Kean points out that countries like France and Chile maintain official government agencies to handle this kind of investigation, but the United States does not. The Federal Aviation Administration simply advises pilots to report any incidents to private UFO groups or to local authorities if they believe property or people are threatened. This official lack of interest is a concern, Kean says, because of the potential dangers posed by some incidents.
In one case, on Nov. 7, 2006, a dozen or so United Airlines workers at Chicago O'Hare International Airport spotted a gray metallic-looking disk apparently hovering for several minutes above an airport gate before shooting upward and vanishing, leaving a hole in the cloud cover. The witnesses, including mechanics, pilots, and supervisors, shared their accounts with the Chicago Tribune, which covered the story. The FAA suggested they had seen a "weather phenomenon" and didn't formally investigate, Kean says, despite the potential intrusion of an unknown craft in the airspace of one of the nation's busiest airports.
"The FAA's mission does not involve the investigation of UFOs," says agency spokesman Tony Molinaro, adding, "Our employees didn't see anything unusual and nothing caused any operational problems that day."
In fact, many experts are more concerned about the hazards these sightings pose to aviation than about the potential for alien involvement. When flight crews are distracted by what's going on "outside the window," they are focused on that and "not flying the airplane anymore," says Richard Haines, a former senior research scientist at NASA's Ames Research Center who is now chief scientist of the National Aviation Reporting Center on Anomalous Phenomena, a private research group focused on flight safety related to unidentified aerial phenomena. Kean agrees, particularly since pilots have reported encountering some of the more bizarre sights in the sky, including metallic disks, massive cigar-shaped craft, green spheres, and highly agile objects that seem to stop, accelerate, and turn in response to a pursuing pilot's maneuvers.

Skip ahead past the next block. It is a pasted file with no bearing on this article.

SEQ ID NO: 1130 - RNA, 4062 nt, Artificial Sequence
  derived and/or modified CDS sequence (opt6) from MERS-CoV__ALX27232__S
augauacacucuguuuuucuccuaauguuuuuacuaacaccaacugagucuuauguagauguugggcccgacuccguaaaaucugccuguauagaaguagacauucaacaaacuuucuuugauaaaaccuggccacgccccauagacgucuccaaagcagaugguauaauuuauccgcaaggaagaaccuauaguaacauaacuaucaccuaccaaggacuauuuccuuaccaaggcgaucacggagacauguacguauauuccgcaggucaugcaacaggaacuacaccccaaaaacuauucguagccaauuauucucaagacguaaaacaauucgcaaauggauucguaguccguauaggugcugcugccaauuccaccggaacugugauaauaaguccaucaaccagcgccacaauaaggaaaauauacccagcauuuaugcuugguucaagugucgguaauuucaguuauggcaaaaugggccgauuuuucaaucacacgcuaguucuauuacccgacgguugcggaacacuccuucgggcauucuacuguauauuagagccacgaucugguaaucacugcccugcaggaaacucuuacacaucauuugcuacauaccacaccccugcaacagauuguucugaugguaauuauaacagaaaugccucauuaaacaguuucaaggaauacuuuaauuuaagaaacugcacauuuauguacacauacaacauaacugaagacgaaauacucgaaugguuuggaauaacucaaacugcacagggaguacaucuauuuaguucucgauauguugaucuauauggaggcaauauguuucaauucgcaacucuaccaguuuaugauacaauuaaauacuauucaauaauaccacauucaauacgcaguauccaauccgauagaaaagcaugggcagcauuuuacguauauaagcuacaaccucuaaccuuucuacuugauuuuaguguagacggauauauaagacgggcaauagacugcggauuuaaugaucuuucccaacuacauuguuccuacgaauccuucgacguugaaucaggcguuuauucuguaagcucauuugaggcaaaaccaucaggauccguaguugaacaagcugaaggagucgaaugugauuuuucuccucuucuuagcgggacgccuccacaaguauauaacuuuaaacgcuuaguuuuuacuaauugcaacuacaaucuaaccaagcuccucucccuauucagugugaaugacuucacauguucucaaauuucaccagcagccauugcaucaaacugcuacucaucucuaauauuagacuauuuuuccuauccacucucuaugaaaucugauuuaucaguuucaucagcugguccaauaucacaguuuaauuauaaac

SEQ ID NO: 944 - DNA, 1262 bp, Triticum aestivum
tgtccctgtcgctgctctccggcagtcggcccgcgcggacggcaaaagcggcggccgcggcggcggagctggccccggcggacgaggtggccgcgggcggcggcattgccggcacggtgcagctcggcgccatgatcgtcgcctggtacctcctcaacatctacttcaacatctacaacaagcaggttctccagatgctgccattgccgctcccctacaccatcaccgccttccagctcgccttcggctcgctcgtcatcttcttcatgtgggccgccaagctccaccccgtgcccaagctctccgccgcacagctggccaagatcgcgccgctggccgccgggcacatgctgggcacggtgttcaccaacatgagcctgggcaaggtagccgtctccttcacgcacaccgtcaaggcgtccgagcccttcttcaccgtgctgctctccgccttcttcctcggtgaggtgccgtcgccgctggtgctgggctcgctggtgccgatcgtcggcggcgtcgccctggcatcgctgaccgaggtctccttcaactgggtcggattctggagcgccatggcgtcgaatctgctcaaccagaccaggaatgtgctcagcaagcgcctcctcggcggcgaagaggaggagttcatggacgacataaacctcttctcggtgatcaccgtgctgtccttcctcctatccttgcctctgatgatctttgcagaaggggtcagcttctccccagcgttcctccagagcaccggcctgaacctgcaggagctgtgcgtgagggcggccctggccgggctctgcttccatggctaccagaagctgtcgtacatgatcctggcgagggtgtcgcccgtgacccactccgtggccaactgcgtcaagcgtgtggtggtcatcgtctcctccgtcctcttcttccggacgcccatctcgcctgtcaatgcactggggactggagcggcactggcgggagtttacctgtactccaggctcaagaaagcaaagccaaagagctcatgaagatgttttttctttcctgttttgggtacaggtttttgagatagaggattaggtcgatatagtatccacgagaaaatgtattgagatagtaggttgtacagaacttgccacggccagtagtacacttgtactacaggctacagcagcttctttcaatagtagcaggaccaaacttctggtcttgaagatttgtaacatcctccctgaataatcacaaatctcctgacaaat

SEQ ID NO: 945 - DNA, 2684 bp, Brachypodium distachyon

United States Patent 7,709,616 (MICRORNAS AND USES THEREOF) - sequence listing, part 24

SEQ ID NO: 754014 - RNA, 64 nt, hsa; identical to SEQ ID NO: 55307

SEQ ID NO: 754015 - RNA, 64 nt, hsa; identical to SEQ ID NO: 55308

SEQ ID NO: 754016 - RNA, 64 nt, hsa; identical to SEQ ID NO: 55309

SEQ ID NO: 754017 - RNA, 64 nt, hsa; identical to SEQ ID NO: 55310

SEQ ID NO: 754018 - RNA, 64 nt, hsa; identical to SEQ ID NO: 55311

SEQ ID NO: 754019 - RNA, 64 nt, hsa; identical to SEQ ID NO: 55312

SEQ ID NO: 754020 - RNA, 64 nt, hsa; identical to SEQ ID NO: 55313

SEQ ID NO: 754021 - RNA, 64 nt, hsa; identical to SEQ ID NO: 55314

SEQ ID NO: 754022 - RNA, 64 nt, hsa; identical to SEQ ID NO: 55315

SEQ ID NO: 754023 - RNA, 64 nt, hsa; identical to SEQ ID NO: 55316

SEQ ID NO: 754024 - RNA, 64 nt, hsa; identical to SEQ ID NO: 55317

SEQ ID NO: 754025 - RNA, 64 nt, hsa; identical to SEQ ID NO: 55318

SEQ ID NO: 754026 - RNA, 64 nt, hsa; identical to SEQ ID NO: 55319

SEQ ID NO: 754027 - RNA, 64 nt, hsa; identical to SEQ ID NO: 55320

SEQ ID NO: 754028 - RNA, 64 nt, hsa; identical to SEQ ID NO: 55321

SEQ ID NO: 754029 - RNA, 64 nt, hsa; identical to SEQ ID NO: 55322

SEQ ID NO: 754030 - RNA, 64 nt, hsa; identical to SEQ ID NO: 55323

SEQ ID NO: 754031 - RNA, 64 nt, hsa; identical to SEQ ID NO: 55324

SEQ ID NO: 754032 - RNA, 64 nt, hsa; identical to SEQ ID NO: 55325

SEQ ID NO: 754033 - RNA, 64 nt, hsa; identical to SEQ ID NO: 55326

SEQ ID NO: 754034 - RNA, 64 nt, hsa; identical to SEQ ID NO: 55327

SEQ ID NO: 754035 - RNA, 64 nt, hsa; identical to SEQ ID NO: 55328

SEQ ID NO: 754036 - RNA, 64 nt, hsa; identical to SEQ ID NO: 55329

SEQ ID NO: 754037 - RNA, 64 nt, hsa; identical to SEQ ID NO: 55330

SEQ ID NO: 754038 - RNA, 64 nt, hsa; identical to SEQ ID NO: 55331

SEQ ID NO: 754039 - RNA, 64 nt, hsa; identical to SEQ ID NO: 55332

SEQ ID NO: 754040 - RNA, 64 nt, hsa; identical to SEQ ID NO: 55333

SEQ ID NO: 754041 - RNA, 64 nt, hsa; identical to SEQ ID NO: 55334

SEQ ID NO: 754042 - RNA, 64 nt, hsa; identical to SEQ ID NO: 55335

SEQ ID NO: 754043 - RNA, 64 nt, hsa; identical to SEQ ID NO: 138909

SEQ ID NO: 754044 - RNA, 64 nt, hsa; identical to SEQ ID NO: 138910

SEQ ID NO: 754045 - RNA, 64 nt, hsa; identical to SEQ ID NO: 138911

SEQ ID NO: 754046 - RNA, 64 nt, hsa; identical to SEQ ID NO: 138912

Haines believes only about 5 to 10 percent of incidents ever get reported, in part because professional pilots fear ridicule and potential damage to their careers.
"I really think we need to make it permissible to study these things without risking your reputation," says John Alexander, a retired U.S. Army colonel and author of the 2011 book UFOs: Myths, Conspiracies, and Realities. As to the bigger issue of what actually is behind the largely unexplained incidents, or the possibility of extraterrestrial involvement, the debate is unlikely to be settled anytime soon.
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